30. If the history of the Earth were presented in the form of a 24-hour segment, then the dinosaurs would have died out at 23:41, and human existence would begin at 23:54 and 43 seconds of the same day.
30 facts about the Royal Family that you should now after the Oprah interview scandal
Many would like to be part of the British royal family. The attention of the whole world, many servants, jewelry, palaces and other joys of aristocrats - isn't it a fairy tale? However, everyone forgets that being in the public eye of millions of people and constantly maintaining a brand can be incredibly difficult. The life of royals is subject to regulations and is filled with sometimes really strange requirements that they must certainly fulfill.
The British royal family is called one of the main attractions of Great Britain. The British are proud of their monarchy. They celebrate the Queen's Birthday along with other holidays. They follow with interest the relationship in the royal family. But not all Englishmen know about the origin of the dynasty, about the real names of its members and about other interesting facts.
The name of the ruling dynasty in Great Britain is Windsor. But until 1917 it was called Saxe-Coburg-Gotha, which indicates its connection with the German rulers. During World War I, King George V decided to change the name of the dynasty in order to give up the German titles. He chose the surname Windsor after Windsor Castle, one of the royal residences. This surname became official to all members of the royal family. And after the wedding of the then Princess Elizabeth to Philip Mountbatten, the surname began to sound Mountbatten-Windsor.
Interestingly, none of the members of the royal family is required to use the surname. And when they go to school, serve or work, they can take a different surname. For example, Princes William and Harry were known in the army as Wales. And the two grandchildren of Queen Elizabeth from Princess Anne have their father's surname - Phillips.
Bemorepanda collected some more interesting facts about the royal family.
1. Princess Diana was supposed to play the main role in the 2nd part of "The Bodyguard" with Kevin Costner. A kissing scene was planned, but the film itself never came out due to the tragic death of Lady Dee in 1997 in a car accident in Paris. In the story, a romantic relationship between the protagonists begins when a bodyguard is tasked with protecting the princess from the paparazzi.
2. On their travels, Elizabeth II and her son Charles are accompanied by a doctor of the British Royal Navy, who must have a supply of their blood with him. This measure is necessary for an emergency transfusion in case of an emergency.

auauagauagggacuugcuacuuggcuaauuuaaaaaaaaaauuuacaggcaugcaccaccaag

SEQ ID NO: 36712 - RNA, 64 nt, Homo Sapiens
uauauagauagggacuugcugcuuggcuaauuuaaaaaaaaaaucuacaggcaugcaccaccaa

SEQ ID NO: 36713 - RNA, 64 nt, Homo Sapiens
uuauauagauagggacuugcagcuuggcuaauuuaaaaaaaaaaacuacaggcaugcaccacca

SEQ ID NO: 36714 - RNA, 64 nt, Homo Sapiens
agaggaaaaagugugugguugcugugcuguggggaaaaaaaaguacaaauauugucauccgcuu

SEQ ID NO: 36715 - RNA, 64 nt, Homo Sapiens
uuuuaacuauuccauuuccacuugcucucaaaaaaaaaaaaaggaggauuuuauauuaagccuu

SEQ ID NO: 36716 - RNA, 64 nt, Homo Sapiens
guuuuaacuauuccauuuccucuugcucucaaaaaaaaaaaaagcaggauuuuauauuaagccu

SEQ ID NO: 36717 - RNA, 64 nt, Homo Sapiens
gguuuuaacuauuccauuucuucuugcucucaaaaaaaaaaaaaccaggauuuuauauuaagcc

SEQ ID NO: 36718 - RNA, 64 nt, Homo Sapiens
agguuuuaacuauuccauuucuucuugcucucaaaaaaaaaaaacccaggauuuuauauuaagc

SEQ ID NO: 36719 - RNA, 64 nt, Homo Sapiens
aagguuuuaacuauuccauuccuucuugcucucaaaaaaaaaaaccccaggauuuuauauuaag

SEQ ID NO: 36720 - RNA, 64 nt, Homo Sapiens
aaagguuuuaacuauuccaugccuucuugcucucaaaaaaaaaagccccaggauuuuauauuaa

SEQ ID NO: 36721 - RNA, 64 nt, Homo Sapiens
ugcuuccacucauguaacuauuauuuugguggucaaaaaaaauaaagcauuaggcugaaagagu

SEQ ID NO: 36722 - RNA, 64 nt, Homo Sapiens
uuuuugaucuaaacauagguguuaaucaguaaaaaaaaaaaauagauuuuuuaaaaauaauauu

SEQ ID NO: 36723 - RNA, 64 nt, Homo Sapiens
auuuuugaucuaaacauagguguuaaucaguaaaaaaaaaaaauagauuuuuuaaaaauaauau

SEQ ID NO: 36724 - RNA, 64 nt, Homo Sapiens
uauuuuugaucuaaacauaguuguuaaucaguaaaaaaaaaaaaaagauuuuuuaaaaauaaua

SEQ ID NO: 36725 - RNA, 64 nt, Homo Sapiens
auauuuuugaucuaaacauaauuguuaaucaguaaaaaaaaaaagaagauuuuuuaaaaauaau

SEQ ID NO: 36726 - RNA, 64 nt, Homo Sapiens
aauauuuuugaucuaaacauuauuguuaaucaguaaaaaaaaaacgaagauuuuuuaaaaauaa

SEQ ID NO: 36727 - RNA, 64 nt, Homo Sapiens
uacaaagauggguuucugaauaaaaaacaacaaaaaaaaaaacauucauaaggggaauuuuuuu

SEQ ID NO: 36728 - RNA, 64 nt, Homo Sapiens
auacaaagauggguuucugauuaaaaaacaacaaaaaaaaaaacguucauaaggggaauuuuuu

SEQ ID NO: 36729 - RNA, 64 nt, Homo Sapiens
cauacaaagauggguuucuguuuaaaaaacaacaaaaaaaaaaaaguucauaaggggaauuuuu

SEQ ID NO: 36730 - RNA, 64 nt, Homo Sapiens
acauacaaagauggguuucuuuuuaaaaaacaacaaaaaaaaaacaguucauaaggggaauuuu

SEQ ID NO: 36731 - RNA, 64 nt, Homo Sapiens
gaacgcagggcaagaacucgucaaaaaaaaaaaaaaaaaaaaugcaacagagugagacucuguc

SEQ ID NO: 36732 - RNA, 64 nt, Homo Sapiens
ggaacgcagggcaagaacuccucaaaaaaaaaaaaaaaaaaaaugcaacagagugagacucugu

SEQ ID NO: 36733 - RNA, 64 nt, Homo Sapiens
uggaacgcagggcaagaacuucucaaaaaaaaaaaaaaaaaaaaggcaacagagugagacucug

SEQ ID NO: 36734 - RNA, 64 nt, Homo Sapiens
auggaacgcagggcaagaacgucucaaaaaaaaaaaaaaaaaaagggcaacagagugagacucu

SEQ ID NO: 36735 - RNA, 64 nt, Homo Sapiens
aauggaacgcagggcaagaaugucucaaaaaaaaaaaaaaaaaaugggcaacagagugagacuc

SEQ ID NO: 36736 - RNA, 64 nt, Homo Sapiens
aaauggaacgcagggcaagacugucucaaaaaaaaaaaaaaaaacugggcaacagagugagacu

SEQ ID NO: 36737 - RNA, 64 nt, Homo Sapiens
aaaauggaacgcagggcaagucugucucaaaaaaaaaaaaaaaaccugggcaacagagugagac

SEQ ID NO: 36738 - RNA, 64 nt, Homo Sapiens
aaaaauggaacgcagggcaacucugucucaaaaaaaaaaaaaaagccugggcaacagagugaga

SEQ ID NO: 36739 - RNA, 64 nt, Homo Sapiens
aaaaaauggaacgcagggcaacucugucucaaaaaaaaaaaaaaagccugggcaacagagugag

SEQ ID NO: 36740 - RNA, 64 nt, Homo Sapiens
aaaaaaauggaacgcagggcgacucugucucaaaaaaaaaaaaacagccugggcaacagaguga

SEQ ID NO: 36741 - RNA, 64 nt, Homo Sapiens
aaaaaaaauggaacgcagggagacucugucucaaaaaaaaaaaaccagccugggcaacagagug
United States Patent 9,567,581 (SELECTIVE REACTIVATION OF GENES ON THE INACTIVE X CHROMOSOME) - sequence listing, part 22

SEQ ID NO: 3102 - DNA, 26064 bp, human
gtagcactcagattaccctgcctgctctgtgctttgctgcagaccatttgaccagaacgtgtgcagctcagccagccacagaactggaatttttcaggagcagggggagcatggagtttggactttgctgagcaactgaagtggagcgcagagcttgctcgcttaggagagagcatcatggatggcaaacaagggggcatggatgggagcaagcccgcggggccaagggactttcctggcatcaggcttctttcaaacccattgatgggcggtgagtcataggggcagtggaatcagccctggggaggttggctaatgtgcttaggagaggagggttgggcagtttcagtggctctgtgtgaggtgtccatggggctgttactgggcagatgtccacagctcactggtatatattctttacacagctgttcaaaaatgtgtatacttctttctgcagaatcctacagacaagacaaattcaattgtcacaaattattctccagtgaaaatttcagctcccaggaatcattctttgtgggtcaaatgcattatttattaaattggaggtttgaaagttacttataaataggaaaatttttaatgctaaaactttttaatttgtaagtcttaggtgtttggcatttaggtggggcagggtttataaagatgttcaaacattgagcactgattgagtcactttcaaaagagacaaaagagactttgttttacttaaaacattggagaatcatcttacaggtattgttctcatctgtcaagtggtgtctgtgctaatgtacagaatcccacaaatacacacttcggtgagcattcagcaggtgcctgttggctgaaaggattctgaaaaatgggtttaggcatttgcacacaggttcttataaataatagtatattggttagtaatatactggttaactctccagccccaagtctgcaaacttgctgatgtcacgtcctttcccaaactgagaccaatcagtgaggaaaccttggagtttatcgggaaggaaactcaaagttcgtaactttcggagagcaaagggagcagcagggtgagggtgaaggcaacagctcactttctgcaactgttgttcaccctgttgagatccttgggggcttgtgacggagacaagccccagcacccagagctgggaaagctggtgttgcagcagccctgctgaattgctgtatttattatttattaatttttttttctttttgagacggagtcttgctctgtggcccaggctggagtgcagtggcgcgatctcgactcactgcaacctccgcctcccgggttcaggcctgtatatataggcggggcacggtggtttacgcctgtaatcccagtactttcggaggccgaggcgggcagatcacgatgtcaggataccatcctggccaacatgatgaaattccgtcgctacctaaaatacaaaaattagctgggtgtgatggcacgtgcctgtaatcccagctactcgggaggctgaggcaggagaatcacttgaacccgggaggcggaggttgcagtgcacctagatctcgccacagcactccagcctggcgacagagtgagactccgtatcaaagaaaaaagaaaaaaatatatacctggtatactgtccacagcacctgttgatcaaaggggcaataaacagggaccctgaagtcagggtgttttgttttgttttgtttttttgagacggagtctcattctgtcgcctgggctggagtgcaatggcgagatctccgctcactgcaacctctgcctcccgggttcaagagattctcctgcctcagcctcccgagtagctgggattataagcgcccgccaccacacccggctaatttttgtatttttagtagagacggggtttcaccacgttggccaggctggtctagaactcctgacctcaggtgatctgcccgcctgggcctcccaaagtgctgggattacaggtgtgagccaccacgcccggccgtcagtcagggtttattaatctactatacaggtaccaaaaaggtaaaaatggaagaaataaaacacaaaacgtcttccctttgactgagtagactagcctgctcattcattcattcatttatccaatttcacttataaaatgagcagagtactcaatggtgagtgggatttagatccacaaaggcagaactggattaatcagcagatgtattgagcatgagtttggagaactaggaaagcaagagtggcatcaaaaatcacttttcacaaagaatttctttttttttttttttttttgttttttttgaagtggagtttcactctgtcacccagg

3. Shellfish, crabs, lobsters, shrimps, and garlic are banned in Buckingham Palace, as sea creatures are allergenic and garlic has an unpleasant odor. However, this rule is now adhered to only by the queen.
4. Six ravens (and one spare) must always dwell in the Tower of London. According to one of the versions, this rule is observed, since the prediction of the royal court astrologer-monk Charles II (1630-1685) says: "If the crows leave the Tower, the kingdom will fall." After the famous fire of 1666, almost all the birds were exterminated, but thanks to the prophecy of the ravens, they were left in the care of the crown. They are considered part of the royal family, they have servants and a special raven keeper who is chosen from 38 members of the Tower's ceremonial Yeomen guard ("beefeaters"). In addition, the birds are officially enlisted in the ranks of the royal army.
5. Long before becoming part of the royal family, Kate Middleton lived with her family in Amman, Jordan. The father of the future Duchess, Michael Middleton, worked as a manager for British Airways and ended up in the Middle East on duty. Then Kate was 2 years old, but she already went to kindergarten and, in addition to English, studied Arabic. The Middletons have lived in Jordan for almost 3 years.
6. During the opening of the new session of Parliament, the Queen must take a hostage - one of the Members of Parliament, who will be guarded by the staff of Buckingham Palace throughout the ceremony. This tradition appeared due to the fact that earlier monarchs and parliament, to put it mildly, did not get along. Now everything is peaceful, but no one is going to change anything.
7. Queen Elizabeth II, then 21-year-old Princess Elizabeth, married Prince Philip on 20 November 1947 in a coupon-purchased wedding dress. She deliberately did not take advantage of her opportunities, since in the post-war period the whole country was slowly getting out of the ruins.
8. The crown of Elizabeth II is nothing more than the diadem of King George IV, created in 1820 at the request of the king himself. It is set with 1,333 diamonds for a total of 320 carats (64 g), including a 4-carat yellow diamond. There are 2 strands of pearls along the base. Initially, the upper thread had 86 pearls and the lower one - 94, but in 1902 the number of pearls was changed to 81 and 88.
9. To avoid embarrassment in windy weather, all the hem of the skirts of Queen Elizabeth II are weighed down by small loads
10. Initially, princes William and Harry were supposed to be called Arthur and Albert, as their father Charles wanted, but Lady Diana insisted on William and Harry, although Arthur and Albert are the middle names of the princes.